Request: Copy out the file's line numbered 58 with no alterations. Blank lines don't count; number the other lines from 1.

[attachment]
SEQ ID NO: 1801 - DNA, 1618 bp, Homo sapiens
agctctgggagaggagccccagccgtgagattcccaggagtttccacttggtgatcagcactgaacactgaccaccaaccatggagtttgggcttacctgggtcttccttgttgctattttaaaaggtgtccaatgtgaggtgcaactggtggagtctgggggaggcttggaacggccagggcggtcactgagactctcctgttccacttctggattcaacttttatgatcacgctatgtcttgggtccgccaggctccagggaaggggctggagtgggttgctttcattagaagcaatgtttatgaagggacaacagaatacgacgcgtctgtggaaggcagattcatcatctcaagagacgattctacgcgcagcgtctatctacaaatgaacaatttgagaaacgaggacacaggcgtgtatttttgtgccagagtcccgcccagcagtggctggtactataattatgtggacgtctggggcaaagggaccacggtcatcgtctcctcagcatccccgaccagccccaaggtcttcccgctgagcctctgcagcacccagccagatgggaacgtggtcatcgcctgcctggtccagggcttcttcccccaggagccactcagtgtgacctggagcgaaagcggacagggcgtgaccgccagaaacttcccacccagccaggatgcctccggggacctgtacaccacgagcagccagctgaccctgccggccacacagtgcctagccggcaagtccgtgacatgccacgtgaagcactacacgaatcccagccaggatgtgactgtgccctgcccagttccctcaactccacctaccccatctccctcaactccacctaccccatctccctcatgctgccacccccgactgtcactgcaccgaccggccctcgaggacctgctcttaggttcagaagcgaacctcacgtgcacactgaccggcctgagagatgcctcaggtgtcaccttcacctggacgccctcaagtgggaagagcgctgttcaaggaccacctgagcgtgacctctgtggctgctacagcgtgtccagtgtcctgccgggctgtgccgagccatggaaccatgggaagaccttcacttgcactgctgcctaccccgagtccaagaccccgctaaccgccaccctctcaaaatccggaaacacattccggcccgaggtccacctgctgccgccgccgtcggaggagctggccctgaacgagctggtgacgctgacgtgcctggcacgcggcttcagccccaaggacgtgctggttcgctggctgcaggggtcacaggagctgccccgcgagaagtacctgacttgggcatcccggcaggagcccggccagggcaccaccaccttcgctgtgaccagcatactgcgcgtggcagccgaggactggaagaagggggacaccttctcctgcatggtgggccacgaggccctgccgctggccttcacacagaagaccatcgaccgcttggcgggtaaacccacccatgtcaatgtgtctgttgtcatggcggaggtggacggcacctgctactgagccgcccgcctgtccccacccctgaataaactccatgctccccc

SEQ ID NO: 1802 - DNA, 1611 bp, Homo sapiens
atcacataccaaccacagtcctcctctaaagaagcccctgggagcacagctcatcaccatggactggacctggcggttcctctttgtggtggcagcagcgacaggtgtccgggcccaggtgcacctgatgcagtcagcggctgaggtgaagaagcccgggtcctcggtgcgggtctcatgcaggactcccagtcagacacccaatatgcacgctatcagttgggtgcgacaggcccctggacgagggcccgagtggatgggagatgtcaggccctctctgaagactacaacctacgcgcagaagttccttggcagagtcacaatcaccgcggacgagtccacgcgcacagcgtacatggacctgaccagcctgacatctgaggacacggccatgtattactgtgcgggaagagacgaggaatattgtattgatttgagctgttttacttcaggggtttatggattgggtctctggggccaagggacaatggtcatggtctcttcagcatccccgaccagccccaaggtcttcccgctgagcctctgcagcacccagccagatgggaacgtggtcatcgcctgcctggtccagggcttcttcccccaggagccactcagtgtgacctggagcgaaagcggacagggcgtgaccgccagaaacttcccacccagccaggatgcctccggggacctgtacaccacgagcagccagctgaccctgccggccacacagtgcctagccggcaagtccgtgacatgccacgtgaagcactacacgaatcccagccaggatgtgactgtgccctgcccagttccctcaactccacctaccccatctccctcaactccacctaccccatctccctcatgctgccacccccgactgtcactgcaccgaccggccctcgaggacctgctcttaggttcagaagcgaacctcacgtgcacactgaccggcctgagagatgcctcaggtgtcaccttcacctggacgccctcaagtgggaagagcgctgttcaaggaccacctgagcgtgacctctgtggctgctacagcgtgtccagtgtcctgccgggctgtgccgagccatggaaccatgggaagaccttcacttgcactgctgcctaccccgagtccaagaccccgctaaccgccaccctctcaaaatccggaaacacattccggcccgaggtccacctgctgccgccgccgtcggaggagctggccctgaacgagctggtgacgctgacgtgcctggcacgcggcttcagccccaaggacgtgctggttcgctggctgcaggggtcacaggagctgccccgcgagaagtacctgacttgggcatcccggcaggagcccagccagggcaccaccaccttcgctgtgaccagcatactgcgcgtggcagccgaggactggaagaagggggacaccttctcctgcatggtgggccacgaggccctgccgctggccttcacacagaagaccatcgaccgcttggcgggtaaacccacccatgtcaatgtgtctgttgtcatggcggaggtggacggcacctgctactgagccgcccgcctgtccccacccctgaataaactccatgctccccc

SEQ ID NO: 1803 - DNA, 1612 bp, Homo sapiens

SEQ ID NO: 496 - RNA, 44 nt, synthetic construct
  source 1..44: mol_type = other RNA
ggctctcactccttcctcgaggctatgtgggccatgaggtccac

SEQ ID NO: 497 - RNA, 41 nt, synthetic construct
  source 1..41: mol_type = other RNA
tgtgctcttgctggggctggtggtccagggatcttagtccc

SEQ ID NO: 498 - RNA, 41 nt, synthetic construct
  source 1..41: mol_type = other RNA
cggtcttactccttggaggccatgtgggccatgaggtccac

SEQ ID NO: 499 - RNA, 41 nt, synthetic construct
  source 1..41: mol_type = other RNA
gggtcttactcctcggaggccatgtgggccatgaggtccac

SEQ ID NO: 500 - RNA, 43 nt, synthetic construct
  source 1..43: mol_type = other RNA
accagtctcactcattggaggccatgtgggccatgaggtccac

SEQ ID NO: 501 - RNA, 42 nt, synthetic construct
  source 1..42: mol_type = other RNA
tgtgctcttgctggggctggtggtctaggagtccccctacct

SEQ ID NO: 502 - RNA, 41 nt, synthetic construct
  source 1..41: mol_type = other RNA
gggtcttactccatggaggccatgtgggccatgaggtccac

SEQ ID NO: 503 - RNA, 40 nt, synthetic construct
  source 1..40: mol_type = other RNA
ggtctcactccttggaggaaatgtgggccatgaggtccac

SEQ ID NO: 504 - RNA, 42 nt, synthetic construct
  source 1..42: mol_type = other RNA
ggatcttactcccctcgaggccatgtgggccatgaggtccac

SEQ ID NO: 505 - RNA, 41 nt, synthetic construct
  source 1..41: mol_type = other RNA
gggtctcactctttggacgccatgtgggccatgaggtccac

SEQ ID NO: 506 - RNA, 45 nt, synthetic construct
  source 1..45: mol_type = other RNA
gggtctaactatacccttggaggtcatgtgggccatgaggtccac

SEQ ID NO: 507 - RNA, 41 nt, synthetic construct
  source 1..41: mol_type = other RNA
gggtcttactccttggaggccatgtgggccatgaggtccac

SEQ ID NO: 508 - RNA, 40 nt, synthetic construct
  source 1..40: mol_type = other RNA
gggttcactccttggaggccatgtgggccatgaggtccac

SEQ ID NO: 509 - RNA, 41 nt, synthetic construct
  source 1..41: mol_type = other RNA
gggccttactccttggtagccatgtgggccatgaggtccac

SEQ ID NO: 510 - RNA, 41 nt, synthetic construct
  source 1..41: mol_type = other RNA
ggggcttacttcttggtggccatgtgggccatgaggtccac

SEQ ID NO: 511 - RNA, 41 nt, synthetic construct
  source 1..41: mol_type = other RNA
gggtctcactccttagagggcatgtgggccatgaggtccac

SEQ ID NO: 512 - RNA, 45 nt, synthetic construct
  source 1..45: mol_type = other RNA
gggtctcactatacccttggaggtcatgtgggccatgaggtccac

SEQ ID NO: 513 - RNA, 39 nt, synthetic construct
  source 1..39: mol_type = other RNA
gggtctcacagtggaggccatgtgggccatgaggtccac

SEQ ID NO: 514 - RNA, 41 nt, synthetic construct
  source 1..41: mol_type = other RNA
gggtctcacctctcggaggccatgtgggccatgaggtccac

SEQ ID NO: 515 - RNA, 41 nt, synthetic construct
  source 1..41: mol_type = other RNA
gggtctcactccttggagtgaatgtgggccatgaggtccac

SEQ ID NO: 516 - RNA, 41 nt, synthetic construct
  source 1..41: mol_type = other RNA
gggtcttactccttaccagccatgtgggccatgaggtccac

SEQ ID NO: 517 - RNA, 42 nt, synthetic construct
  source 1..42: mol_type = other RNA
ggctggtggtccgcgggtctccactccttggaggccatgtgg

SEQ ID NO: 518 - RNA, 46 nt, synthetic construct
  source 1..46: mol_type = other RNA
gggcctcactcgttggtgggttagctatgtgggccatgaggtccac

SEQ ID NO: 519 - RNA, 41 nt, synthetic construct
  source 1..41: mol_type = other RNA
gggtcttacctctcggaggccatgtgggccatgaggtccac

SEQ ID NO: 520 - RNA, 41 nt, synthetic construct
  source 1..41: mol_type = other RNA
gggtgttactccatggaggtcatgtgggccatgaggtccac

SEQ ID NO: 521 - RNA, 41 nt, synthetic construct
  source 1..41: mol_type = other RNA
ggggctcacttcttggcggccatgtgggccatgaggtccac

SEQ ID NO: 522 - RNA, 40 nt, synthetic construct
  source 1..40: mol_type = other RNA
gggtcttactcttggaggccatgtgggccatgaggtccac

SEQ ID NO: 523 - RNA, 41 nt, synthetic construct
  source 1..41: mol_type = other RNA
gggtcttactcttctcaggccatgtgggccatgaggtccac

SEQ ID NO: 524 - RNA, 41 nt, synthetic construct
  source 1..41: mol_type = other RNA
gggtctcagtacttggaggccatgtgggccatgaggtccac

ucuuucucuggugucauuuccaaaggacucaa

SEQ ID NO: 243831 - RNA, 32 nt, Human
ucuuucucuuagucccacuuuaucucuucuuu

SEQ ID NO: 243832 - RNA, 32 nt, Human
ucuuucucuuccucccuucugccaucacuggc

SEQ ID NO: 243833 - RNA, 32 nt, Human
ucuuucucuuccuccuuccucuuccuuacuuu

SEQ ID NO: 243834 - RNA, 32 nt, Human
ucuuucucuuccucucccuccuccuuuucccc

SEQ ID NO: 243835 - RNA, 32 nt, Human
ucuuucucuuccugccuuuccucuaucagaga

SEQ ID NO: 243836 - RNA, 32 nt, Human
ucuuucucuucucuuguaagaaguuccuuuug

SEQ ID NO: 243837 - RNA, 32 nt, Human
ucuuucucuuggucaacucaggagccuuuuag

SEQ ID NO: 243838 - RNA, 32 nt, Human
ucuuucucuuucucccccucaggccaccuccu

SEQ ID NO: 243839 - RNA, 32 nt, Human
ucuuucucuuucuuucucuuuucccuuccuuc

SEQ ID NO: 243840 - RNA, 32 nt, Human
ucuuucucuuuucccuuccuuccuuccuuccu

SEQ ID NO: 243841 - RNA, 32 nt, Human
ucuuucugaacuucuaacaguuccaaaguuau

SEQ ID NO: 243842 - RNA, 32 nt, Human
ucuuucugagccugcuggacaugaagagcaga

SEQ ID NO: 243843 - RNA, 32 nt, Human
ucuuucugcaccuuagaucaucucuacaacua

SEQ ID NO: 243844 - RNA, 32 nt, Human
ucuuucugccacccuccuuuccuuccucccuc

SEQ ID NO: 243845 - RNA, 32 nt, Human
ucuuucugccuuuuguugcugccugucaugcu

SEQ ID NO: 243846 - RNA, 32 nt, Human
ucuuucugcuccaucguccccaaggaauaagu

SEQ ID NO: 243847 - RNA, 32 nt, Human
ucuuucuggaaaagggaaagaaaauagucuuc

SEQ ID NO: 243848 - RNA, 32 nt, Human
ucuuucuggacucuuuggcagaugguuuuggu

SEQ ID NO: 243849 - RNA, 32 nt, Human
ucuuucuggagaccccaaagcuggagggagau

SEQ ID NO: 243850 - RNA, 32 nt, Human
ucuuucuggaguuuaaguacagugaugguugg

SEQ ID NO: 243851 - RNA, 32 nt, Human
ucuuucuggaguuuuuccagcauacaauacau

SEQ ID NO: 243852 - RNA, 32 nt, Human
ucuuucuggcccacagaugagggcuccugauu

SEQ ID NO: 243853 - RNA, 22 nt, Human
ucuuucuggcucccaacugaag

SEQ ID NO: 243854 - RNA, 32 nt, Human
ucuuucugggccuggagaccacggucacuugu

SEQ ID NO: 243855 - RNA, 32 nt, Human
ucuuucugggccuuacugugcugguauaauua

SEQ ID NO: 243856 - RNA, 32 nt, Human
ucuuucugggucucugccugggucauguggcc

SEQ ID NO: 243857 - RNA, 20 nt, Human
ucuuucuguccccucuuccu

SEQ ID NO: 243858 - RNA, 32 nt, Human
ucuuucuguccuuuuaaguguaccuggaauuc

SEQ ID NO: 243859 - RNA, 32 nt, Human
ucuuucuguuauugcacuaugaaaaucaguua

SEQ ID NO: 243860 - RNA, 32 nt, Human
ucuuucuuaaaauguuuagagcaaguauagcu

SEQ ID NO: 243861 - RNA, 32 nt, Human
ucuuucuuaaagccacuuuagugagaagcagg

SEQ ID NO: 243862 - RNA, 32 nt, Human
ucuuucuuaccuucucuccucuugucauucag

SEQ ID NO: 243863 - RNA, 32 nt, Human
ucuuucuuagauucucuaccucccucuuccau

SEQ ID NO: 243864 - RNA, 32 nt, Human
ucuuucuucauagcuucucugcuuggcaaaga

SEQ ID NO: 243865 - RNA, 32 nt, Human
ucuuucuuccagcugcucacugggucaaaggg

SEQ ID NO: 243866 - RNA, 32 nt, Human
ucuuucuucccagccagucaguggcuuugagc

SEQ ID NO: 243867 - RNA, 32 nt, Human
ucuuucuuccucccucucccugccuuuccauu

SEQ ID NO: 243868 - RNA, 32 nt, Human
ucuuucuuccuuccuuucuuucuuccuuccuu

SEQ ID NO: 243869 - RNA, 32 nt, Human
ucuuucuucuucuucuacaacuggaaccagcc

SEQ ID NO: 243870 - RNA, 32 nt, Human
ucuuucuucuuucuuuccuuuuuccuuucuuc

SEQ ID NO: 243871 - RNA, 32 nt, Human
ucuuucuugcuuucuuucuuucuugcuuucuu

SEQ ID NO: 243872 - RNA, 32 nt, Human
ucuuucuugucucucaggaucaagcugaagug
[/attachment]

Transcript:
  source 1..39: mol_type = other RNA